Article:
No evidence has been submitted indicating any alleged collusion or malfeasance. As such, the Court will operate on the presumption that there is no collusive conduct between the parties.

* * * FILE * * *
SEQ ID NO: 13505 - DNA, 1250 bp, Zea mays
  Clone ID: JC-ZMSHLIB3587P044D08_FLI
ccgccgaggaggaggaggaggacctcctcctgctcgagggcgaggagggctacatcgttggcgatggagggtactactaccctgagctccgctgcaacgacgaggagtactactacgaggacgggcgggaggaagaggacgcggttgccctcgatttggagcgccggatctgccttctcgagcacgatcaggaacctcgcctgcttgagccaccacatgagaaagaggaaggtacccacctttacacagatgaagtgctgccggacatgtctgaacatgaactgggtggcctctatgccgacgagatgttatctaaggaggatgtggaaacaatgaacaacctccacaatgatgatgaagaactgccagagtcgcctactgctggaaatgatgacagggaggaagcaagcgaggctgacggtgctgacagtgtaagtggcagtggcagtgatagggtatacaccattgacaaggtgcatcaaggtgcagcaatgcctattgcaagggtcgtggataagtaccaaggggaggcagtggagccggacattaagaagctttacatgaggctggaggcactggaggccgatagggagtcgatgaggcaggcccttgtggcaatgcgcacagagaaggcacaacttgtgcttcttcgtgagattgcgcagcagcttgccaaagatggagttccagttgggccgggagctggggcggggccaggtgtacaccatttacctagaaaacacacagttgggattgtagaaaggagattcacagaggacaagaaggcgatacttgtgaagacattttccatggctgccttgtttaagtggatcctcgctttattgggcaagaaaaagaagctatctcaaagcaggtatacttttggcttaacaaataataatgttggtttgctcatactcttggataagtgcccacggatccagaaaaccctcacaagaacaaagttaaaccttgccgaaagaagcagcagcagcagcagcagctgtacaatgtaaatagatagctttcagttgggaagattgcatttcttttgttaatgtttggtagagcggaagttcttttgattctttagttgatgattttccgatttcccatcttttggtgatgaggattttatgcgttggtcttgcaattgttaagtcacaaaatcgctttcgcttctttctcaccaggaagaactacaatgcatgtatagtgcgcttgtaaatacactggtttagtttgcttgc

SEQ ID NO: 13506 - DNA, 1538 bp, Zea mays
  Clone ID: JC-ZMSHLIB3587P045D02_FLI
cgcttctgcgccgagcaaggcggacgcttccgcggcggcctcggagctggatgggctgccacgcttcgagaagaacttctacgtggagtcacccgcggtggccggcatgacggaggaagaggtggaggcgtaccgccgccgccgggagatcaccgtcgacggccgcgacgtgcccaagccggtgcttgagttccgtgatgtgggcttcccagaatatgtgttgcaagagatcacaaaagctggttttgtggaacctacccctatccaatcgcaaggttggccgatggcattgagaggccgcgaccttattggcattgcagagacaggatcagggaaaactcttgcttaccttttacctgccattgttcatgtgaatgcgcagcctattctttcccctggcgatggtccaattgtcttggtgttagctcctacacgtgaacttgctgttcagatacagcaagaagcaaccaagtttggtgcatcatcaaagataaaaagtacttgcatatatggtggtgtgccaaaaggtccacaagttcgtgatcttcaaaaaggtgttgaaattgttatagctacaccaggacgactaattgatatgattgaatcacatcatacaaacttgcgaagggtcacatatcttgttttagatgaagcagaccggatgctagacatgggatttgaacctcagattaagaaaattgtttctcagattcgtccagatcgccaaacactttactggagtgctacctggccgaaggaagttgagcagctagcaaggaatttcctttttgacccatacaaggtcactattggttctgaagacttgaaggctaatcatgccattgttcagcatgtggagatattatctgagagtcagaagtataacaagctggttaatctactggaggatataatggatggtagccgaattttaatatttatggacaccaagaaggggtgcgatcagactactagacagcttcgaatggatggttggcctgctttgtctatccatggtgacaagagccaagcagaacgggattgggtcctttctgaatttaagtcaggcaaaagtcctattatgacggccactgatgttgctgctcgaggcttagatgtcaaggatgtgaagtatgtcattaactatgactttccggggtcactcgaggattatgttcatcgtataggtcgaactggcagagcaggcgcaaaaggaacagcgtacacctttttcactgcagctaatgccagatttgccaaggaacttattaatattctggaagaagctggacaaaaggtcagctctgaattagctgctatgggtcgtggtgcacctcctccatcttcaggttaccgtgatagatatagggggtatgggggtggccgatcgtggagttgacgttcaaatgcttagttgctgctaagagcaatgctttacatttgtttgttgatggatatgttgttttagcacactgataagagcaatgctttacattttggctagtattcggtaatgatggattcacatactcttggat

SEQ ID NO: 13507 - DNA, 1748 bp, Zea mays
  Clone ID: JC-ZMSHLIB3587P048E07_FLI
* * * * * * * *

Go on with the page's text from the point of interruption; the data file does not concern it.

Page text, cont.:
At first glance, the trade of Carlos Beltran and Tyler Green in exchange for Cameron Maybin and Stephen Lombardozzi looks fair and even. None of the players are considered elite fantasy options, so there are no red flags raised during an initial “sniff test.” Beltran is the most established player involved in the trade, but he is clearly on the downside of his career and no longer possesses the power and speed combination he once had. However, now two years removed from his knee operation, Beltran’s career could be temporarily re-invigorated with his arrival in St. Louis (similar to Lance Berkman in 2011). This is evident based on the fact he already has five homeruns and is batting over .300 as of April 22, 2012. Maybin has the potential to be a 20/20 player if he can ever establish some consistency and avoid injuries. However, he has changed teams several times already in his young career and is now a prisoner of the cavernous ballpark in San Diego. While Maybin hasn’t demonstrated enough plate discipline to truly be counted on for consistent production, his talent and potential must be considered for a 25-year old player being given every opportunity to shine. Both Green and Lombardozzi are reserve infielders who will likely not have any significant impact this year.